Andre: I know that to be true. It was really challenging for me a year and a half, two years ago when we were negotiating you dating others for the first time, and I really appreciate the compassion that you showed throughout. That all being said, in your most challenging moments, did you ever struggle with more...frustrating thoughts that you hesitated sharing with me? Promise I won’t hold them against you, haha.
Justin: Sometimes I would get upset, and a little sad that I couldn’t experience what I wanted to WHEN I wanted to. I would feel jealous when I saw you with some of your partners, as well as when I encountered other poly arrangements where the boundaries were more relaxed. Made me wish things could be different. However, again, my main priority was for our future - I never wanted us to not be okay. That feeling ensured I didn’t “take it out” on you.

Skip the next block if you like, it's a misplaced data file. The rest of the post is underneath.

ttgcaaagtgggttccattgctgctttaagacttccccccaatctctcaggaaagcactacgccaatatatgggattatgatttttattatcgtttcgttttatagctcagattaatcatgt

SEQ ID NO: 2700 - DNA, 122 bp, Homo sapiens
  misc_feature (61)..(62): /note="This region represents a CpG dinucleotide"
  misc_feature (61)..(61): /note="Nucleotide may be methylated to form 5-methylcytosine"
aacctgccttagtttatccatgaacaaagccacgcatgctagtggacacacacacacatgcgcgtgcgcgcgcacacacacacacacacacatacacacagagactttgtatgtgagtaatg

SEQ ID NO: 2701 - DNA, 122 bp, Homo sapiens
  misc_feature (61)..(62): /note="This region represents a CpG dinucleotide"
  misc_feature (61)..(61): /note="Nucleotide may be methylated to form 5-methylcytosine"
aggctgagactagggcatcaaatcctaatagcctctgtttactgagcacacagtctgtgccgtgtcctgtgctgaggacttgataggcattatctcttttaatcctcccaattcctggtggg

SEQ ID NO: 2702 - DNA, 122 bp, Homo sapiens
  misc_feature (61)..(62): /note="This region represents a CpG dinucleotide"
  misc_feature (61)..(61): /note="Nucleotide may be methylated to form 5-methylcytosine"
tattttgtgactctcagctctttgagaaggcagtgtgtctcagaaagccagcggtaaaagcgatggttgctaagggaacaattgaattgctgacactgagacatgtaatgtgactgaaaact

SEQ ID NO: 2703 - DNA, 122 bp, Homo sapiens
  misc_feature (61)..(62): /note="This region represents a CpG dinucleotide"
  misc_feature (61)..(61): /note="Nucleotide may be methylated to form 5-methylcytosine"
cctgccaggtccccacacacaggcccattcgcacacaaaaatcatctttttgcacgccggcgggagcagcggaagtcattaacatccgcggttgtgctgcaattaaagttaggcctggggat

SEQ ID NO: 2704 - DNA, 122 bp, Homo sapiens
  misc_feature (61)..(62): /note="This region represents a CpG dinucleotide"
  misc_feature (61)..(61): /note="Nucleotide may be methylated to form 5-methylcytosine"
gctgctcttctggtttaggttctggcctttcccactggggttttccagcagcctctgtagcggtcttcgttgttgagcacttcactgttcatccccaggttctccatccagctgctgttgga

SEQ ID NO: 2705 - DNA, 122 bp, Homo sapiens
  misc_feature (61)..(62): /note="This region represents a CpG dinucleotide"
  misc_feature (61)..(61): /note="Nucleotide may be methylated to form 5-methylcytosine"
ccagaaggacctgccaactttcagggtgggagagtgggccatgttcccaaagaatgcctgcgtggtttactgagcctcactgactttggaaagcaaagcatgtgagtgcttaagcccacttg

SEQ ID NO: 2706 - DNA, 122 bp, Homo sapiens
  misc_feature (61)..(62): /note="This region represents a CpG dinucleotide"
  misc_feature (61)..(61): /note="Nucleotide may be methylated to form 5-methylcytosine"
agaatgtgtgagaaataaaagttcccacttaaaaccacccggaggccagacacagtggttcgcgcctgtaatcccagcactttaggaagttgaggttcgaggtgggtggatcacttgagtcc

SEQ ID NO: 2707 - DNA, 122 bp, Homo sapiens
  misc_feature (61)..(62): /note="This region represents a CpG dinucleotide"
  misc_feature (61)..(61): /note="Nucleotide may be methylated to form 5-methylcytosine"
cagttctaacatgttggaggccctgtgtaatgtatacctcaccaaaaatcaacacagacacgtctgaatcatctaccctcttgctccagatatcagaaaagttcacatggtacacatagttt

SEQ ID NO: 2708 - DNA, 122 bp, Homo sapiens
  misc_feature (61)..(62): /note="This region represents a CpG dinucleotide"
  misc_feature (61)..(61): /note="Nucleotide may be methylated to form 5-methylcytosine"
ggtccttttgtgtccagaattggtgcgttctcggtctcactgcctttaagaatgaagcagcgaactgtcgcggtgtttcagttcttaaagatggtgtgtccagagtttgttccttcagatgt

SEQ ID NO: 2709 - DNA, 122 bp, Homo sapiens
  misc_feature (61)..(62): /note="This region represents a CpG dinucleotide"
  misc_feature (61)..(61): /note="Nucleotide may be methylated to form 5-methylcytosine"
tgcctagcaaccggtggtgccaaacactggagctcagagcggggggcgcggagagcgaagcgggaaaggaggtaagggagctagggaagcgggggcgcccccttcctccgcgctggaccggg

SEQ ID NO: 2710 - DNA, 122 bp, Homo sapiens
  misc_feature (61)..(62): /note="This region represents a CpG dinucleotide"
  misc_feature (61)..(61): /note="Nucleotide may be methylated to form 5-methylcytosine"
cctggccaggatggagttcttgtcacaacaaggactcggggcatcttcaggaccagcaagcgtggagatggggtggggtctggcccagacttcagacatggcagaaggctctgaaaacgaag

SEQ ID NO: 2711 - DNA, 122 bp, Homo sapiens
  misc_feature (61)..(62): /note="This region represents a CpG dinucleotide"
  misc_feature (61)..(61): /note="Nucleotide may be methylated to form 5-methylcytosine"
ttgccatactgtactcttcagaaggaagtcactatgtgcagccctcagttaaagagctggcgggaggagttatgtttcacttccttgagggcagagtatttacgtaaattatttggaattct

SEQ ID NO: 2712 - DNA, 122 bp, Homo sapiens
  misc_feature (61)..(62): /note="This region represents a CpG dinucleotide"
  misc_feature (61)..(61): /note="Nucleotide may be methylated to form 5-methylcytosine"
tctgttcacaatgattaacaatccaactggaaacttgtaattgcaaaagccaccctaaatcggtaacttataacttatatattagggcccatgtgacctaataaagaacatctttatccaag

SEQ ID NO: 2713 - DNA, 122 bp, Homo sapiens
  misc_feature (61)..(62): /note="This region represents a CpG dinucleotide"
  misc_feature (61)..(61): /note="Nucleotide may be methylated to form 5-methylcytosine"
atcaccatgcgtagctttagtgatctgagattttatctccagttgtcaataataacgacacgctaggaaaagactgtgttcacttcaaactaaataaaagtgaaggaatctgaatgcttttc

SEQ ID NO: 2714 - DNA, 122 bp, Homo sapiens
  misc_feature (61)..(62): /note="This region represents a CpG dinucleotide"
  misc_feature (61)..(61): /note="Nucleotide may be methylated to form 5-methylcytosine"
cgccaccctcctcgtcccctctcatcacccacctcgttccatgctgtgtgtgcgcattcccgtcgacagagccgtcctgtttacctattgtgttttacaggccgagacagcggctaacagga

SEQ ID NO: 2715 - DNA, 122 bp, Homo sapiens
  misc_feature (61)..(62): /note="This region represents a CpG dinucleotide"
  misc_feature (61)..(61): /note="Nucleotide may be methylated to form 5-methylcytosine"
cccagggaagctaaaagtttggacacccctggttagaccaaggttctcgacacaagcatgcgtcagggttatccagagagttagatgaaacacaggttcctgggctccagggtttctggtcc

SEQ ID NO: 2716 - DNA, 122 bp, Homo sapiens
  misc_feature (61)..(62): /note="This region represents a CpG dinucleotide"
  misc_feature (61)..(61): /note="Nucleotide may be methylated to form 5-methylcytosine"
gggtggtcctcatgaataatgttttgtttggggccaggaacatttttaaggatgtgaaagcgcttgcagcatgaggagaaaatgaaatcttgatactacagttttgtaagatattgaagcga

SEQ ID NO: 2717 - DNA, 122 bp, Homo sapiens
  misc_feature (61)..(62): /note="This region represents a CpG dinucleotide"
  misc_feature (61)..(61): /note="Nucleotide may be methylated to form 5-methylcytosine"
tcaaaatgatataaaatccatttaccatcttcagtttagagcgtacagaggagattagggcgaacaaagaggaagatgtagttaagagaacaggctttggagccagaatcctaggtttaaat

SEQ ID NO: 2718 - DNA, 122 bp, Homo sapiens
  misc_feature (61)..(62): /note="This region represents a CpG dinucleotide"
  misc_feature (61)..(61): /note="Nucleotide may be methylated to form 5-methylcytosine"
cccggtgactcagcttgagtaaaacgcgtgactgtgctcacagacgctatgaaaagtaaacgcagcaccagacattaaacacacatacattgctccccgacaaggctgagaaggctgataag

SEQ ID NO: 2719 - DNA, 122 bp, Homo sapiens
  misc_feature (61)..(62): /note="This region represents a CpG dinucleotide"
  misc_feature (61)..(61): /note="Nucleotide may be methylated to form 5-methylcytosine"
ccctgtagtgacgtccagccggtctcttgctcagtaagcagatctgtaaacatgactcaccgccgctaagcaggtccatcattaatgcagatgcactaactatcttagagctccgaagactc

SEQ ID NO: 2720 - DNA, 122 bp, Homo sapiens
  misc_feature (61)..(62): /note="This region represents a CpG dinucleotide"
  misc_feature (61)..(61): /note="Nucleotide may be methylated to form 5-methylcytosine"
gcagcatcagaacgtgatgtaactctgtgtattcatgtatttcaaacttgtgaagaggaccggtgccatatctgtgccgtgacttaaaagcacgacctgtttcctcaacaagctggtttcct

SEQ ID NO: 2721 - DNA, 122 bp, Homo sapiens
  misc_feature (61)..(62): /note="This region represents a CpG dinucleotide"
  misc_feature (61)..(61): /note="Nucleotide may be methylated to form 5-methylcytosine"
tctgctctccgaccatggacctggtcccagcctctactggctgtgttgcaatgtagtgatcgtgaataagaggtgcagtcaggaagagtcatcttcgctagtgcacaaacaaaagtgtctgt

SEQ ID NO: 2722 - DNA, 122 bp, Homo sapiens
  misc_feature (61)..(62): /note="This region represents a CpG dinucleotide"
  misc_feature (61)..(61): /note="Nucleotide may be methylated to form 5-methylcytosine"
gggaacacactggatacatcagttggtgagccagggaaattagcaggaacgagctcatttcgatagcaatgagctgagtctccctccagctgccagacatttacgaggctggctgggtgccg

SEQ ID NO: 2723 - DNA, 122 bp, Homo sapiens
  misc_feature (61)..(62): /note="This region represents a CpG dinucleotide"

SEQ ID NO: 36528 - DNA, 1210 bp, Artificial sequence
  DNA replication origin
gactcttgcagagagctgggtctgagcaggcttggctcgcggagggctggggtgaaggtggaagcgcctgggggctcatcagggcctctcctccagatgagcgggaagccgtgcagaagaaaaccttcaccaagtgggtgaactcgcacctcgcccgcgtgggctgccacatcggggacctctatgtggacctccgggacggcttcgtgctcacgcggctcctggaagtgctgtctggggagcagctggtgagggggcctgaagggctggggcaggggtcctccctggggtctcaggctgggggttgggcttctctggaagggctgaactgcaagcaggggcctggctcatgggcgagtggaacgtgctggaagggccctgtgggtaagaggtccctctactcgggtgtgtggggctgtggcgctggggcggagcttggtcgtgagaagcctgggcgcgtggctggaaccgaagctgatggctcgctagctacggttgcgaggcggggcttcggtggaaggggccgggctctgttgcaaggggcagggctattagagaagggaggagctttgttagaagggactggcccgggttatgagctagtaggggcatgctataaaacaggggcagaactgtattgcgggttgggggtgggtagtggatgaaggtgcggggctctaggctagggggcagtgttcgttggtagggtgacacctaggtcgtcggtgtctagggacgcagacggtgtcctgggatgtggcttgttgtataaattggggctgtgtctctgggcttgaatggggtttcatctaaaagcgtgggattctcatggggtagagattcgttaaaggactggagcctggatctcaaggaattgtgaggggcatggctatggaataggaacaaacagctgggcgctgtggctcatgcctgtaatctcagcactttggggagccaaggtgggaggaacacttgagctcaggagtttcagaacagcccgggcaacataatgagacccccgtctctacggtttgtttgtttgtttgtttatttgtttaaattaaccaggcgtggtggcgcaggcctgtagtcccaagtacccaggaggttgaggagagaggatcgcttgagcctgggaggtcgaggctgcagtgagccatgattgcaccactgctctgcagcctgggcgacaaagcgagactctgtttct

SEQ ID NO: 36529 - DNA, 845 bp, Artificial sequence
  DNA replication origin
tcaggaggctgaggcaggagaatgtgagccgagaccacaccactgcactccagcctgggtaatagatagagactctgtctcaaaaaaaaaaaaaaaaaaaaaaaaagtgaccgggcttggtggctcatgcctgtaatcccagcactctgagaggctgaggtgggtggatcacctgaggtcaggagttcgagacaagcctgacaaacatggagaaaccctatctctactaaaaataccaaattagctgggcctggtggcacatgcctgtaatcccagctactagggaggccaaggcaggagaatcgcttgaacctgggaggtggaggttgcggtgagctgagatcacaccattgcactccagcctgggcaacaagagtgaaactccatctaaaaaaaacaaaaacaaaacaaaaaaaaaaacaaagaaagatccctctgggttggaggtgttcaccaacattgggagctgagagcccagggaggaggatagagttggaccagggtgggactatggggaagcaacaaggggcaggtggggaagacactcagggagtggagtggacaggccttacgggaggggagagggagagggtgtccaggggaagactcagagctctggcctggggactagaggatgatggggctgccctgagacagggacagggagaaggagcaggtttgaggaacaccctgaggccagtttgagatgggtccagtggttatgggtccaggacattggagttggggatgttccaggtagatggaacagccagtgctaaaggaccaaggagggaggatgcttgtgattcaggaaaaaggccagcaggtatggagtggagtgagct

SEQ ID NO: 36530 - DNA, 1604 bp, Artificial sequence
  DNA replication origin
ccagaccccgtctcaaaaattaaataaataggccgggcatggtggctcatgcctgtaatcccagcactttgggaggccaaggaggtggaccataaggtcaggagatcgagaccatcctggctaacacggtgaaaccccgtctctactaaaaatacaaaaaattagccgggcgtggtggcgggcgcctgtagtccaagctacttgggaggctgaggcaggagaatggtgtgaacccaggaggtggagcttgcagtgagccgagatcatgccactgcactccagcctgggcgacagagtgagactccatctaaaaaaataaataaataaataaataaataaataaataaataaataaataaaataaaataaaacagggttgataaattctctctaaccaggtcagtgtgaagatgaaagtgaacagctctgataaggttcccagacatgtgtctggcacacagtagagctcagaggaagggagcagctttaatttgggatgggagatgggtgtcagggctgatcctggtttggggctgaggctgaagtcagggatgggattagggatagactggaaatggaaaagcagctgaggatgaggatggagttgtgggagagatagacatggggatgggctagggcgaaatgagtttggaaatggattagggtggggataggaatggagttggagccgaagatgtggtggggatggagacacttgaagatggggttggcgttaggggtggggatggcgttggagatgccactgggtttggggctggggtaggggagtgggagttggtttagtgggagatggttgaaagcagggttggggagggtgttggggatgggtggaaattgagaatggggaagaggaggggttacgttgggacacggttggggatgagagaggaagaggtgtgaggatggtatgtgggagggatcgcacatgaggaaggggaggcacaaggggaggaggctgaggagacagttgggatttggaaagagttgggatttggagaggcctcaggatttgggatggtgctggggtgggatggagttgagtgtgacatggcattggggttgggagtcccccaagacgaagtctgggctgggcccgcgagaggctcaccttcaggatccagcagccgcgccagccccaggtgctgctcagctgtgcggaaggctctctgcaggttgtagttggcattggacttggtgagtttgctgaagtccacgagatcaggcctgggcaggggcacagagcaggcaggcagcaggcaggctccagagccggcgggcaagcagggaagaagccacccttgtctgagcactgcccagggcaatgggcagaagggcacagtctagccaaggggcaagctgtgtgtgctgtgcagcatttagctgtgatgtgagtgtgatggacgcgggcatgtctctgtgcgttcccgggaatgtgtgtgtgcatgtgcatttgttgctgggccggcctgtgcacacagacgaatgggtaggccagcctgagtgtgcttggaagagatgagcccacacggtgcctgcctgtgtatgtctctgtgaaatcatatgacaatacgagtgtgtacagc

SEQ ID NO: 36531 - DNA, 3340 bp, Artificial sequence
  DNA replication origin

Andre: I’m curious, reader, what “monogamish” looked like for you and your partner. Sometimes that can be “makeout passes” with other folks when either of you are out solo, and sometimes that can mean that you and your partner play with others, but ONLY together. I wonder how comfortable you were in that arrangement, compared to the negotiations that your partner is trying to accelerate now. I wonder how much you feel like you evolved and benefitted. Regardless, it sounds like your partner is laying the pressure and expediency to open up further on thick, and that isn’t okay.
There’s a good chance that this false sense of urgency is being motivated by your partner’s desire for one person in particular. Both Justin and I agree that emotions have run higher in the past when one of us feels like we’re having a “moment” with someone else, and fear that the “moment” will pass while we wait for our partner’s deliberation. We panic. That can make us act less honorably with our partner in terms of patience, kindness, and respect. One question you may want to ask your partner is whether or not they have “someone in mind” who they’re interested in pursuing; could give you added insight into their [annoying] sense of immediacy.